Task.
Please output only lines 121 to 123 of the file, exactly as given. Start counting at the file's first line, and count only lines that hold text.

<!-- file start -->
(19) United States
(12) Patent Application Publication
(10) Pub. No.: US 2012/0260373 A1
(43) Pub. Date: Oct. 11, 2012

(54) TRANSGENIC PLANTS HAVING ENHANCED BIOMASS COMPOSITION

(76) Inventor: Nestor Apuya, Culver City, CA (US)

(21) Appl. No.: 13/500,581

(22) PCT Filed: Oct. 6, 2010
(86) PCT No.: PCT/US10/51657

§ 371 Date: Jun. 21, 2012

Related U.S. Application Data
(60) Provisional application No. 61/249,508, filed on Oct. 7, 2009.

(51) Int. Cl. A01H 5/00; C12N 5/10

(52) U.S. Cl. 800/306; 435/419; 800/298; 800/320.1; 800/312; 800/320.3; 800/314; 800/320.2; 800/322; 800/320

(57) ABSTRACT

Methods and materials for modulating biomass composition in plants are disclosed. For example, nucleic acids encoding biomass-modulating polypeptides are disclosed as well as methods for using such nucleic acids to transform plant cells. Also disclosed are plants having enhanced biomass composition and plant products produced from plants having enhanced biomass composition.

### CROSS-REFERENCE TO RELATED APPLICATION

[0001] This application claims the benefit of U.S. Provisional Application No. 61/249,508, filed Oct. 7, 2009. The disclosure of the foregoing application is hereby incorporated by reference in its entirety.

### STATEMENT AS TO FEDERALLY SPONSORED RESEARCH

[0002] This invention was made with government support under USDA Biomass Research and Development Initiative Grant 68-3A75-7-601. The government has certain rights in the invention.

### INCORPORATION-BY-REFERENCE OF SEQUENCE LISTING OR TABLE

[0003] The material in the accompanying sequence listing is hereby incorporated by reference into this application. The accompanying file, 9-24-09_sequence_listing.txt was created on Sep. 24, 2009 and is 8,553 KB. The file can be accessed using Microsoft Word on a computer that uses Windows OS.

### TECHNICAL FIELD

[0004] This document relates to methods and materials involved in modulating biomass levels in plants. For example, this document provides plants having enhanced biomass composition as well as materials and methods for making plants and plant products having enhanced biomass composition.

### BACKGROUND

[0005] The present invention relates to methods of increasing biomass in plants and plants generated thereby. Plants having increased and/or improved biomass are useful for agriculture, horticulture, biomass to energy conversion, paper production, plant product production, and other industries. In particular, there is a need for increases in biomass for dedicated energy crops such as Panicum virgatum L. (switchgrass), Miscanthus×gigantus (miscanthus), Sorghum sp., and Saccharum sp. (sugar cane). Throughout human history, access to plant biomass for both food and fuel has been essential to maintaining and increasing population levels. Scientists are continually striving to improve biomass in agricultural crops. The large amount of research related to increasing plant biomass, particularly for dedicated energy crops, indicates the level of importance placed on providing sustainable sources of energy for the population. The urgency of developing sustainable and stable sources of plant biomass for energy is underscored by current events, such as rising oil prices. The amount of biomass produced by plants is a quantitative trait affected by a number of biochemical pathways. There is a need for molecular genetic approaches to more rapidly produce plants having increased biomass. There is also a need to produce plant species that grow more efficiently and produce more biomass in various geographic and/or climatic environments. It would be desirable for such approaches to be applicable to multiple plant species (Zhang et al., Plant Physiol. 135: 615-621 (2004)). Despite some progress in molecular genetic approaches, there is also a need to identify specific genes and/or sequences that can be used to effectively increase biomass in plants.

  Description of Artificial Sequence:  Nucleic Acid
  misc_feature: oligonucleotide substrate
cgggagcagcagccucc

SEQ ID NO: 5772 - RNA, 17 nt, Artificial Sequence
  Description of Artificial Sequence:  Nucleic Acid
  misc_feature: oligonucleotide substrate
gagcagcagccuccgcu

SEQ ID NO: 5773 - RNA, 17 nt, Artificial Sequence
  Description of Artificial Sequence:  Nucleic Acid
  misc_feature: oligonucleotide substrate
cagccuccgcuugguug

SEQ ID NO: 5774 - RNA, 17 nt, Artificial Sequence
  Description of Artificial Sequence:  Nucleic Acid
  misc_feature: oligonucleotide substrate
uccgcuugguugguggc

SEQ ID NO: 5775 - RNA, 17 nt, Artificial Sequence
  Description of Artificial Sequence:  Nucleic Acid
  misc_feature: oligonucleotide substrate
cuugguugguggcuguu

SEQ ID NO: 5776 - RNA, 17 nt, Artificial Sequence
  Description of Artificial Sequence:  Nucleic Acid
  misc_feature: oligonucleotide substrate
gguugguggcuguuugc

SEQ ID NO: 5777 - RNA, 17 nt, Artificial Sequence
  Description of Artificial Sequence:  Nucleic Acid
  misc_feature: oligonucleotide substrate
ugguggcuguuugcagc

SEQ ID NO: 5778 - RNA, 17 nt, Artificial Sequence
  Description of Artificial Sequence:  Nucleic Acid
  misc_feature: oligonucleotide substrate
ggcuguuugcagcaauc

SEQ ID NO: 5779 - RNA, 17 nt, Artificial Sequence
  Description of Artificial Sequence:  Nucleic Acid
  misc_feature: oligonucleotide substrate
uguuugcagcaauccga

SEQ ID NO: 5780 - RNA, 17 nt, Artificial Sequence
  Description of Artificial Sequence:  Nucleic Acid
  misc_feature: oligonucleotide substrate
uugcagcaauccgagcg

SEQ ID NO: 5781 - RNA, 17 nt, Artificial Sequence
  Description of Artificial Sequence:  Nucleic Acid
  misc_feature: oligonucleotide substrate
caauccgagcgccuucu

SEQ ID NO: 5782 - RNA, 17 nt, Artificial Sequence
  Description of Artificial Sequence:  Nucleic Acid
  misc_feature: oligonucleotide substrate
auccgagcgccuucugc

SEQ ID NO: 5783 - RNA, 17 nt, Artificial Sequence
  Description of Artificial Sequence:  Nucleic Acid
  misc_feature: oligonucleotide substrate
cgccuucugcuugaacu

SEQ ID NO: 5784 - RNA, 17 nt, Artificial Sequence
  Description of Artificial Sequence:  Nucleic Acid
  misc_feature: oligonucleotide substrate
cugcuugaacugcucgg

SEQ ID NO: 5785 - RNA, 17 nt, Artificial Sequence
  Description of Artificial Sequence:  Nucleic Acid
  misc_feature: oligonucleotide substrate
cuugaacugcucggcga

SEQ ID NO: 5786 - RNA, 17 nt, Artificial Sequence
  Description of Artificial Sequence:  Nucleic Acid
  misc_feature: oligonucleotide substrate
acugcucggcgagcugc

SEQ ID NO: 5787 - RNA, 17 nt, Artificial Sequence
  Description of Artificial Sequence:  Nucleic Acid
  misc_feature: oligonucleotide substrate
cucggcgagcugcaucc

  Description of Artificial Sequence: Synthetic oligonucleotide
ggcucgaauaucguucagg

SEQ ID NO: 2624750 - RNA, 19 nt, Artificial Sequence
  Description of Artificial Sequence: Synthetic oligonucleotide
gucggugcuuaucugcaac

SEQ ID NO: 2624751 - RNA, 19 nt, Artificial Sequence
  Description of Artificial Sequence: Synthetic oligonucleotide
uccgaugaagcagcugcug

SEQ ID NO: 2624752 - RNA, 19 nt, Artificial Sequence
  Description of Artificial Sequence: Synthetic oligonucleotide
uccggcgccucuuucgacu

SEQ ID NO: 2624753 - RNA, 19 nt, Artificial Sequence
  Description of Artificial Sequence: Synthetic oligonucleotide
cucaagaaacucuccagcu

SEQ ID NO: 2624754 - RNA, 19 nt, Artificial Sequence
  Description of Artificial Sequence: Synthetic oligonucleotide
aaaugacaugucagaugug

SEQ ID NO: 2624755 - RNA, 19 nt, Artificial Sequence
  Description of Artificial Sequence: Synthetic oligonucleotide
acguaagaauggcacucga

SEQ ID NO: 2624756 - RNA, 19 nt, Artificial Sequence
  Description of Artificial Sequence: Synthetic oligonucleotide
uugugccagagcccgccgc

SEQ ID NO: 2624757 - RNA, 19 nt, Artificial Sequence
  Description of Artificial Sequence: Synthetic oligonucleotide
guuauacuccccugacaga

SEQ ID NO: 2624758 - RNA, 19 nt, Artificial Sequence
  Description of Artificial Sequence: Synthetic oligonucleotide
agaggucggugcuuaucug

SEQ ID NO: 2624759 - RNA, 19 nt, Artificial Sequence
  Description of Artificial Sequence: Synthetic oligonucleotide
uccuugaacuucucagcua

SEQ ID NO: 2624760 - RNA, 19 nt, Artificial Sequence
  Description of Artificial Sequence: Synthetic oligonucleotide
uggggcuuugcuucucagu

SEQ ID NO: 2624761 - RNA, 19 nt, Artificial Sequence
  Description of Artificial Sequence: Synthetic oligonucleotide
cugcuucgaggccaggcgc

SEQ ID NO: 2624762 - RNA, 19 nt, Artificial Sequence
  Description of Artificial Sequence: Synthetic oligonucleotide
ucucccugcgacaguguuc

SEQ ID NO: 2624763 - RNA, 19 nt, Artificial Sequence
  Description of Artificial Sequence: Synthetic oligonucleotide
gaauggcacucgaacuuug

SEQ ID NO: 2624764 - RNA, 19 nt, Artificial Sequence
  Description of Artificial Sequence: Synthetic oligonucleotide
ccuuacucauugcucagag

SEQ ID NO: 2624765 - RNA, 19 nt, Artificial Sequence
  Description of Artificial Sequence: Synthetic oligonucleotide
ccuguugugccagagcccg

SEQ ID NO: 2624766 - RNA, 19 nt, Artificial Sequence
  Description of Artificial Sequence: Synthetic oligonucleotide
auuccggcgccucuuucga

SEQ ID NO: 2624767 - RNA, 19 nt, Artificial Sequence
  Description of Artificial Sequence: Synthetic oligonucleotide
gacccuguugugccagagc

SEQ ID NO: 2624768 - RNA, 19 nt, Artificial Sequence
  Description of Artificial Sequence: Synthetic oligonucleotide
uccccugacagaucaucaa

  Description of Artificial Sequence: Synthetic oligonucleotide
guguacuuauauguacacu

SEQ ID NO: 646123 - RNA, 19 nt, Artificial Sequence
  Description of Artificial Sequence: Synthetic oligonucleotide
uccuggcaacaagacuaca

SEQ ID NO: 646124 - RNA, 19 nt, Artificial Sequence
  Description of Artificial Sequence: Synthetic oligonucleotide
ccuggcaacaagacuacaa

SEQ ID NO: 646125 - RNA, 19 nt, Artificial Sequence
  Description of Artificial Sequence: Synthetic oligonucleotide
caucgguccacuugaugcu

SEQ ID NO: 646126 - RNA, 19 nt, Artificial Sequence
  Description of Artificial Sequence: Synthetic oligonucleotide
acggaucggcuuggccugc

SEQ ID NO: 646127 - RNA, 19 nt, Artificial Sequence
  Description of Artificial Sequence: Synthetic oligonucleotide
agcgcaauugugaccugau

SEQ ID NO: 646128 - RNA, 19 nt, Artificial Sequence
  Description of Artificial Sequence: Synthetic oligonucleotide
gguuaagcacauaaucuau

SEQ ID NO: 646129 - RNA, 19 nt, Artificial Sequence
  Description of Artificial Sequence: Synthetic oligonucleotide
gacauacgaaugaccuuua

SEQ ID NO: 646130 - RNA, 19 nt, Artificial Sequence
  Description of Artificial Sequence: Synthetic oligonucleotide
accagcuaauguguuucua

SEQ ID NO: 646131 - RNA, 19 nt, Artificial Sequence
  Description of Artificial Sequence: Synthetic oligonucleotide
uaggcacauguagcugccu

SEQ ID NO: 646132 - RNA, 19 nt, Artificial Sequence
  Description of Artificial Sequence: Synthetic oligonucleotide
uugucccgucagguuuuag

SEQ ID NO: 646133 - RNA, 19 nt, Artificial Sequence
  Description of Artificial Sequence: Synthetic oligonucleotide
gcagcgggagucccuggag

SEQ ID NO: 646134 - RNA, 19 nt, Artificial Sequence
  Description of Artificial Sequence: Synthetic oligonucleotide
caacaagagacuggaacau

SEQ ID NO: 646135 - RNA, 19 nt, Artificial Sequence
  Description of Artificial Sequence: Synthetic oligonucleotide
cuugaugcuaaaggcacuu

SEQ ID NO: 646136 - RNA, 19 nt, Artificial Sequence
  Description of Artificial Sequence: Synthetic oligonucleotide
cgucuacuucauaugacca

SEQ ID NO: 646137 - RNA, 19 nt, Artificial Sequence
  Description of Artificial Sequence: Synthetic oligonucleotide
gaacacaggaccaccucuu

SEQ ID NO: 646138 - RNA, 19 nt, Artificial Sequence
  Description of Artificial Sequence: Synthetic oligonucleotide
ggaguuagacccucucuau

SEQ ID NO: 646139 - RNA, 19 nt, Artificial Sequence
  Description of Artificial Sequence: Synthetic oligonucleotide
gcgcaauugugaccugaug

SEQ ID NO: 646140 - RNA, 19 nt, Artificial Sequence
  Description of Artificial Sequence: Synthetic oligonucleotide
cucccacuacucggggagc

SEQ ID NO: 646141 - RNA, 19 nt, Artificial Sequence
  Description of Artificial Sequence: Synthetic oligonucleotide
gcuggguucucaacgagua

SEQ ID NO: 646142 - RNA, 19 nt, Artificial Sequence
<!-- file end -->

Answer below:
  Description of Artificial Sequence: Synthetic oligonucleotide
agaggucggugcuuaucug

SEQ ID NO: 2624759 - RNA, 19 nt, Artificial Sequence